What we’ve learnt from Vogue Australia’s Sustainability Editor-at-Large

By Elyse Williams

Did you know Australians send 6,000 kilograms of unwanted textiles to landfill every 10 minutes? That’s estimated to be over $500 million worth of clothing wasted each year.

This is just one of the many points Vogue Australia’s Sustainability Editor-at-Large Clare Press lives to talk about.

The former fashion editor is Australia’s go-to commentator n sustainable fashion and she’s coming to AFF18 as part of SLOW Saturday presented by Karl Chehade Dry Cleaning.

If you’re not familiar with Clare’s book or podcast Wardrobe Crisis, here are a few the incredible facts and figures she is spreading the word about.


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92 percent of the clothing sold in Australia is manufactured overseas

Our habits are not what they used to be, and thanks to the ever-expanding world wide web, we are buying from around the globe with little thought about where it’s coming from or who made it. If you consider in the cumulative air miles, the fuel it takes to get the items to you, and the plastic packaging it often comes in, the environment isn’t a happy chap!

This highlights the need to support local. Not just Australian made, but Australian designed and ethically produced. The brands are out there.

Yearly, Aussies import $12 billion of products that are potentially tainted by modern slavery

Did you know that in mass manufacturing hubs such as Bangladesh, China and Vietnam, up to 100 people can work on a garment through the production chain?

Slavery is still a prevalent and concerning problem in many cultures, and fast fashion is one industry that regularly features in social research.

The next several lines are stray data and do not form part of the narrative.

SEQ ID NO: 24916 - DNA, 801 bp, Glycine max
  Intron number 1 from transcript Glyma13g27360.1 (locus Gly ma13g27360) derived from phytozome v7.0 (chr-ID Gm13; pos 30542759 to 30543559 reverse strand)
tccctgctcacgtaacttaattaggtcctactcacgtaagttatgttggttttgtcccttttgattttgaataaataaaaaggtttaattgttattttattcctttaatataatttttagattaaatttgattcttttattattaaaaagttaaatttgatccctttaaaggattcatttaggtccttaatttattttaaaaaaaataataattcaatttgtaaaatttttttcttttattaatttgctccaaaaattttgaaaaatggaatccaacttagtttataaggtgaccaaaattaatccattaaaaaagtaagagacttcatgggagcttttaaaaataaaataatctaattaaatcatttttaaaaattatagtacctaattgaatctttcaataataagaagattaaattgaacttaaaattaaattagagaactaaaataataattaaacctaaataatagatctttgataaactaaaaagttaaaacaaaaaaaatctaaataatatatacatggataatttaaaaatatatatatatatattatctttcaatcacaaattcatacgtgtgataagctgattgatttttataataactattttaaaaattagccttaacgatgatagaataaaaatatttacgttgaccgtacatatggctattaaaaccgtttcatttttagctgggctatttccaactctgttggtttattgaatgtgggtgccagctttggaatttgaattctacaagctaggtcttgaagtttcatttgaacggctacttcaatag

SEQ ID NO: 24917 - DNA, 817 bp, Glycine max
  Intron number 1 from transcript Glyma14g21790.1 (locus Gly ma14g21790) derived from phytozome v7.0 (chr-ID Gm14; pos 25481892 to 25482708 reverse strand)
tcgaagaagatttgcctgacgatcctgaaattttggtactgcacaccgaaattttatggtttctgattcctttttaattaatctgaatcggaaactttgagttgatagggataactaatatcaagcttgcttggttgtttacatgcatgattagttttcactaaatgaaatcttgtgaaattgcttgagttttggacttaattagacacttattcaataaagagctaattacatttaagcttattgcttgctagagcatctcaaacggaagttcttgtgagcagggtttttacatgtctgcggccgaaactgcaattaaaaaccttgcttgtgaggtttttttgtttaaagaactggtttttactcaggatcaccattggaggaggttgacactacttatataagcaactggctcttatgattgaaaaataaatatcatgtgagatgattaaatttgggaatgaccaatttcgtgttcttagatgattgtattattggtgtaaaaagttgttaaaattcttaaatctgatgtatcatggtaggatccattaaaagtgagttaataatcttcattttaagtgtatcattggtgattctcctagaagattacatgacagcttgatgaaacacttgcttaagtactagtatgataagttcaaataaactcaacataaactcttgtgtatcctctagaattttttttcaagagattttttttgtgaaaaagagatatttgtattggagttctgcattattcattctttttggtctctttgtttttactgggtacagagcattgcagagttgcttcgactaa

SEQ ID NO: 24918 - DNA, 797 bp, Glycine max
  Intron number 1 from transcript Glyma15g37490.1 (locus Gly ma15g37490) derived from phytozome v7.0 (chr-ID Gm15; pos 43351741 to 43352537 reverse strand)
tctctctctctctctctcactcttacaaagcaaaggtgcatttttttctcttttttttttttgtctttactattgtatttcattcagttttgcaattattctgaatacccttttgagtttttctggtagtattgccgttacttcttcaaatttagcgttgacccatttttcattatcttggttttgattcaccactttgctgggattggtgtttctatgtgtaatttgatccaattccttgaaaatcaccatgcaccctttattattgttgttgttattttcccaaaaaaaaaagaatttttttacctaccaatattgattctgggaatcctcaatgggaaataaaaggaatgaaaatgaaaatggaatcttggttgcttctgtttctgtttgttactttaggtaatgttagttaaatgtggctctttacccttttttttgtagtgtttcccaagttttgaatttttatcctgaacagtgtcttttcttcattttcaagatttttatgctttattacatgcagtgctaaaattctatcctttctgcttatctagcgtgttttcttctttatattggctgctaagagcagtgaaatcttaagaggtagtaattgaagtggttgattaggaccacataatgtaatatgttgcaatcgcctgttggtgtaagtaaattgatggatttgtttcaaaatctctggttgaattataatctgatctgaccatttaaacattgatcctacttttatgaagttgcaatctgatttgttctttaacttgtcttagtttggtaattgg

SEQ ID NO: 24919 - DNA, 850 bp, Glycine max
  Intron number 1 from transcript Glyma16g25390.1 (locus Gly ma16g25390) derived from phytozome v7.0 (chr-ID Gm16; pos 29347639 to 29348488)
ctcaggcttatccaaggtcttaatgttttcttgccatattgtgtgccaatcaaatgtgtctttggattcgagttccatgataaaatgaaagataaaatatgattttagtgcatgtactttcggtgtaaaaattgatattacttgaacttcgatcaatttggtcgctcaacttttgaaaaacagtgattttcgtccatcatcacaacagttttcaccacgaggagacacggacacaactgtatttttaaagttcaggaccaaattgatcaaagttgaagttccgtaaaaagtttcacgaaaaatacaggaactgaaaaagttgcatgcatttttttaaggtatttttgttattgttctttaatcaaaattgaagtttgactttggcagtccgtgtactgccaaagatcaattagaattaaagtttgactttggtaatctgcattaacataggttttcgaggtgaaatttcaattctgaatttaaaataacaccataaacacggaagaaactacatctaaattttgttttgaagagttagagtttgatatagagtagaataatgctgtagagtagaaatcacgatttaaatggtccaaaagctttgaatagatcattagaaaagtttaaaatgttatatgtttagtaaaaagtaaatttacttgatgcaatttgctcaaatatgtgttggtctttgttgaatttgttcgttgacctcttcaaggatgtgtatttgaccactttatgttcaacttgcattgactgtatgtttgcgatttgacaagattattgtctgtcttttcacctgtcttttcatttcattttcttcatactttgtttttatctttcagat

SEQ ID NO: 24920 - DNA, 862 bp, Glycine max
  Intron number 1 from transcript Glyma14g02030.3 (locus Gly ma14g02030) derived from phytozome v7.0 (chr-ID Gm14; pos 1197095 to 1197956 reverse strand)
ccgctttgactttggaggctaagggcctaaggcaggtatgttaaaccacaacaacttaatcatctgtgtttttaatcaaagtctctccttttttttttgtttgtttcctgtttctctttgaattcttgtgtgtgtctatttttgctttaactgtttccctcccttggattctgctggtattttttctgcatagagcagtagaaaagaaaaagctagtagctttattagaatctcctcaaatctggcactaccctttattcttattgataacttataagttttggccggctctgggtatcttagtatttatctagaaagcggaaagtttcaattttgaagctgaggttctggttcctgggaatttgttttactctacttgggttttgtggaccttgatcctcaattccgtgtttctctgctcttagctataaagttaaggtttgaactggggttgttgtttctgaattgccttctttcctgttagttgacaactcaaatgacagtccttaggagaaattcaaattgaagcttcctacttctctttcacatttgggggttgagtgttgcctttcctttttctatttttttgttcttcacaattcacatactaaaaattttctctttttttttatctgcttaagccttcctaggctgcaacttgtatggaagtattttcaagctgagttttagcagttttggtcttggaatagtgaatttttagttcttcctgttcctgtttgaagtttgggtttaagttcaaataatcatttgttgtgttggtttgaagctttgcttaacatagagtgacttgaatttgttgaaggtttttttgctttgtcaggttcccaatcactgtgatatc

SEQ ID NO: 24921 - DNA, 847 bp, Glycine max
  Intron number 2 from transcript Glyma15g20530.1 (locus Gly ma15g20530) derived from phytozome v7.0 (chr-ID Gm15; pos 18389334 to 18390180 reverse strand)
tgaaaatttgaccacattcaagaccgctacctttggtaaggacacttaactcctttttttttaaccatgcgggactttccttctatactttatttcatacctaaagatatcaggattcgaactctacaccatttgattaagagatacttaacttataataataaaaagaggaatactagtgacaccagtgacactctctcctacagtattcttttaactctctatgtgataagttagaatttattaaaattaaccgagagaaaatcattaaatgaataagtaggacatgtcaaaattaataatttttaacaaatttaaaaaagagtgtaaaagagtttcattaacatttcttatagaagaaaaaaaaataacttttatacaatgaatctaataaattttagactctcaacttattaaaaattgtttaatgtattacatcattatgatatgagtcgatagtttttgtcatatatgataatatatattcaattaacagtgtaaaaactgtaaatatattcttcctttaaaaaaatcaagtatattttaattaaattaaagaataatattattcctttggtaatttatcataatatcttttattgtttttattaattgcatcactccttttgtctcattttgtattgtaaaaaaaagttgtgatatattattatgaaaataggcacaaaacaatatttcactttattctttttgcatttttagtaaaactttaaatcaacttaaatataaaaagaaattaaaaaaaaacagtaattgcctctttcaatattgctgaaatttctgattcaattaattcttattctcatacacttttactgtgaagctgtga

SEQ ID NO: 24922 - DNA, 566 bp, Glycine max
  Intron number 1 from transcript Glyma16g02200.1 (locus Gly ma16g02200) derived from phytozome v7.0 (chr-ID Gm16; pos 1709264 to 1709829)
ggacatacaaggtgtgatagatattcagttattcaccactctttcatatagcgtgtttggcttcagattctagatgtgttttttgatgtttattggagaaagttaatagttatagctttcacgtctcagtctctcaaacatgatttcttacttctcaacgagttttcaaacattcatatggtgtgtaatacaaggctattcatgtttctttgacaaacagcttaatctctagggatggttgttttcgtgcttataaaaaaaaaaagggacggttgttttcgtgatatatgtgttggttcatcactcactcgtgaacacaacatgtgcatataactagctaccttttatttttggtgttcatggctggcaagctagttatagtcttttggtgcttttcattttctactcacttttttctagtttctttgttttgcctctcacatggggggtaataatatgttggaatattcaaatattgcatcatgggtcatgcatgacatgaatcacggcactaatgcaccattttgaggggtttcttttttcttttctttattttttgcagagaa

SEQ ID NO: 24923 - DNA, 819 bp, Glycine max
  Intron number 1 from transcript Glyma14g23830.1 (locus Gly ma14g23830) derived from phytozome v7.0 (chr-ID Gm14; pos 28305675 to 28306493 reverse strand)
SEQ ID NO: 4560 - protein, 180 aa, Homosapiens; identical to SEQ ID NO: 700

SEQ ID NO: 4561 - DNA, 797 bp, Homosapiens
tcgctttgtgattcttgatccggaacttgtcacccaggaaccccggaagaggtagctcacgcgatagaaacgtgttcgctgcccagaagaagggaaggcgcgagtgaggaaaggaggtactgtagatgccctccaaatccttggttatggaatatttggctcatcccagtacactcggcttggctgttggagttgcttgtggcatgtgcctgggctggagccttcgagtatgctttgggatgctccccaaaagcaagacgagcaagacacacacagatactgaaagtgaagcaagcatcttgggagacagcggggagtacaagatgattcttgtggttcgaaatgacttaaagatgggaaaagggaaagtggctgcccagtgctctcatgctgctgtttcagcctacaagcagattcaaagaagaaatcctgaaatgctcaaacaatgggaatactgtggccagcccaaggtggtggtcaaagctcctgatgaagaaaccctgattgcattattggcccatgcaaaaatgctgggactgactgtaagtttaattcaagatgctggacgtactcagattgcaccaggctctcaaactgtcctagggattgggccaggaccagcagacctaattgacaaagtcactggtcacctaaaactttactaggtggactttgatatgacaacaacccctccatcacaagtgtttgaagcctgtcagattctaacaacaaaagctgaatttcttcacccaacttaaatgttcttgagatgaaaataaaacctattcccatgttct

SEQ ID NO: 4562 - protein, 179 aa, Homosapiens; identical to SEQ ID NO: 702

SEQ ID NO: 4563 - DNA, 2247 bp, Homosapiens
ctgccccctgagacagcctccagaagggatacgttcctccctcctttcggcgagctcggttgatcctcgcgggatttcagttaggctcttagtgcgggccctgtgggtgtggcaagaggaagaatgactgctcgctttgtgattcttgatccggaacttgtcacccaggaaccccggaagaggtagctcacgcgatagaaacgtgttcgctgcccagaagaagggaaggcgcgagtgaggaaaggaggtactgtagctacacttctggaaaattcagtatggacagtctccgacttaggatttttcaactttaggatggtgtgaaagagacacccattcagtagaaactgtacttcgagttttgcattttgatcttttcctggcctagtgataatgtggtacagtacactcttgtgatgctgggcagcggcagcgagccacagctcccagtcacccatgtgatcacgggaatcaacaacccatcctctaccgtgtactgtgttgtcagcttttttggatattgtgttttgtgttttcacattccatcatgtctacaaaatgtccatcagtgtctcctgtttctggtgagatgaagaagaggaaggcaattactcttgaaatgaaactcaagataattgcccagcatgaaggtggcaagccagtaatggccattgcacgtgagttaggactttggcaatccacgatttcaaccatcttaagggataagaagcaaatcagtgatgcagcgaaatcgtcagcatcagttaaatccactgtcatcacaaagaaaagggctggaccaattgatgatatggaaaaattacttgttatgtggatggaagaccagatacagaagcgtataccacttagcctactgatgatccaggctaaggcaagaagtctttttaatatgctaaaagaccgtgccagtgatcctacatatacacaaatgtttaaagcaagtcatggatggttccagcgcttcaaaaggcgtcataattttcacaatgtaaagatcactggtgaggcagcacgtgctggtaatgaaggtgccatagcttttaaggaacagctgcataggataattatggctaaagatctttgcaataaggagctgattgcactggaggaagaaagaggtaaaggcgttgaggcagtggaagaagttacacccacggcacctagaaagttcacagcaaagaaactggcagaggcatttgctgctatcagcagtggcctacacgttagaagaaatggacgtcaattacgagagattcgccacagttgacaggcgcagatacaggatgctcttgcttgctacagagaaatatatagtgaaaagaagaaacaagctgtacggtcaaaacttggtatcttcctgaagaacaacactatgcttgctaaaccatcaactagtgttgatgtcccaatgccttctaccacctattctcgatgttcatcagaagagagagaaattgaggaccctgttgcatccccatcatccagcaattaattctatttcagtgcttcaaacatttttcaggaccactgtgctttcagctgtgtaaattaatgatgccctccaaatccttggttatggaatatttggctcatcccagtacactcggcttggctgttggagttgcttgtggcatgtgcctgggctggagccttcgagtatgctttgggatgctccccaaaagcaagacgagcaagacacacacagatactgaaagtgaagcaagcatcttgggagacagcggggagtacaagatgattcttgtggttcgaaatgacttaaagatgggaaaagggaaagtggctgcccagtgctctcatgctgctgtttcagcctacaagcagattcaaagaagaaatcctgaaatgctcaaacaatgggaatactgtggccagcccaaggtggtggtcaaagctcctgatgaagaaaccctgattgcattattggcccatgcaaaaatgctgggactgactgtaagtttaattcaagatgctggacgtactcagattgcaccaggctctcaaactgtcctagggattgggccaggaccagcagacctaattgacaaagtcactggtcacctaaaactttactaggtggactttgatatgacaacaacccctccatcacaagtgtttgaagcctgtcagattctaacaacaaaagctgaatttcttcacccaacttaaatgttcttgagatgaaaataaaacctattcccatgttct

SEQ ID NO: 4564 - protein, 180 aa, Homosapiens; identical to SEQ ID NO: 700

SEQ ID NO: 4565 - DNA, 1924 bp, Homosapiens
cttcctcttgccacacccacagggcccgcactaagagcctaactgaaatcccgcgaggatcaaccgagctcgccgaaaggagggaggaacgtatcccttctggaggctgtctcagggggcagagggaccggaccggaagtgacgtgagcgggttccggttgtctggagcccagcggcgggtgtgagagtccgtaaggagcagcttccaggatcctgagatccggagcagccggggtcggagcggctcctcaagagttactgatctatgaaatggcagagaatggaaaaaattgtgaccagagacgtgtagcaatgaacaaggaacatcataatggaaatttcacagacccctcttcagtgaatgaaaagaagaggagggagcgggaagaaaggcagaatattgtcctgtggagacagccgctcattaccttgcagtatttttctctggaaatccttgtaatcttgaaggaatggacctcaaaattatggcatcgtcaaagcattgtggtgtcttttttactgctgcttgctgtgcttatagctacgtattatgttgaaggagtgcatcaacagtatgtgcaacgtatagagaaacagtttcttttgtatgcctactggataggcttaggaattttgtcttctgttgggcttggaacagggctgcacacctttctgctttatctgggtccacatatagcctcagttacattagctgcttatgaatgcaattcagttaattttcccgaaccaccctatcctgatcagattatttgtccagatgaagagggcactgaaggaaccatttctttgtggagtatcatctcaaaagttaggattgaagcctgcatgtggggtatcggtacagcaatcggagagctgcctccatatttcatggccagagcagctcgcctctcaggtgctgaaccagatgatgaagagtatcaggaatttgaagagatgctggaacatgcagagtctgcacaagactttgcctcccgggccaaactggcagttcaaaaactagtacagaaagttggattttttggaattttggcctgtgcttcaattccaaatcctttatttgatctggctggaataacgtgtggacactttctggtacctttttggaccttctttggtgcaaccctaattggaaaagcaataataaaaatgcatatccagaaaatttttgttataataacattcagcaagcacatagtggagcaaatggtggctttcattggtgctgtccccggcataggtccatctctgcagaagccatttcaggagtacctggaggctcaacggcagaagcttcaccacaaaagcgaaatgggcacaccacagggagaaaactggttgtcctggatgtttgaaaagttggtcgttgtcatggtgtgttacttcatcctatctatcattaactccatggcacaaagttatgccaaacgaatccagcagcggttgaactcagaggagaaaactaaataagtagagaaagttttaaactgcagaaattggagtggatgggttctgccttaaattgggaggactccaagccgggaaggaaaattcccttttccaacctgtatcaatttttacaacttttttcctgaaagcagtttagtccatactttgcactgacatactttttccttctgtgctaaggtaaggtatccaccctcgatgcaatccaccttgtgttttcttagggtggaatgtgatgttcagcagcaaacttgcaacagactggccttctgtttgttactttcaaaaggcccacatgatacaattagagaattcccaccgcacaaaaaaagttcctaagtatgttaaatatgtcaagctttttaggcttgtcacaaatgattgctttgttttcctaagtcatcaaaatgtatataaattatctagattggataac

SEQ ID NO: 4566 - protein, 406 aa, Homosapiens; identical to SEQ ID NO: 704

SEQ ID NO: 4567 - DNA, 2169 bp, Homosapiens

Many clothing brands are being proactive and promote their commitment to ethical standards so that consumers can be confident they are supporting best practice by knowing where their items are made, as well as the methods used to produce the fibres.

The fashion industry is one of the largest polluters on the planet

Cotton farms alone use 18 percent of all pesticides worldwide and 25 percent of insecticides. It’s estimated that 70 million barrels of oil are required to produce the polyester used in fabrics each year. Of 80 billion clothing items produced annually, about 10% of the fabric created goes in the bin. Between $90 – $120 billion USD goes toward plastic packaging each year.

These alarming figures are growing and call out the need to invest in sustainable practices. Why not buy organic cotton over non-organic or consider alternative fibres such as hemp and bamboo? And when you receive packaging, think about how you discard it (is the box recyclable? Can the plastics go into a soft plastics bin?). We can all do our part.

Disposable clothing is rapidly increasing

Between 2000 and 2015 alone, the average number of times a garment was worn before disposal declined by more than 35 percent. If you double the life of your clothing from one year to two, you can reduce the items’ emissions by nearly 25 percent.

A few tips:

  • Look after your clothes so they last longer.
  • Can you (or a professional) mend it?
  • If it’s in good condition but no longer on high rotation, try giving it to a friend, donate it to an op shop, or consider holding a clothes swap.

Almost a third of product produced annually is never sold

About 80 billion garments are produced globally each year. Of that, a third is sold full price and a third on sale. The other third is never sold – and is consequently destroyed. In her book, Clare talks to Orsola de Castro, co-founder of Fashion Revolution Day, who tells of a company ordering 50,000 units but the factory produces 20,000 more in case of a re-order. But if they don’t re-order? It’s burned. And that’s not hot.

Clare Press will be attending the Adelaide Fashion Festival presented by Mercedes-Benz Adelaide & Unley as part of SLOW Saturday presented by Karl Chehade Dry Cleaning. Tickets can be purchased here.

[Pic: Meaghan Coles Photography]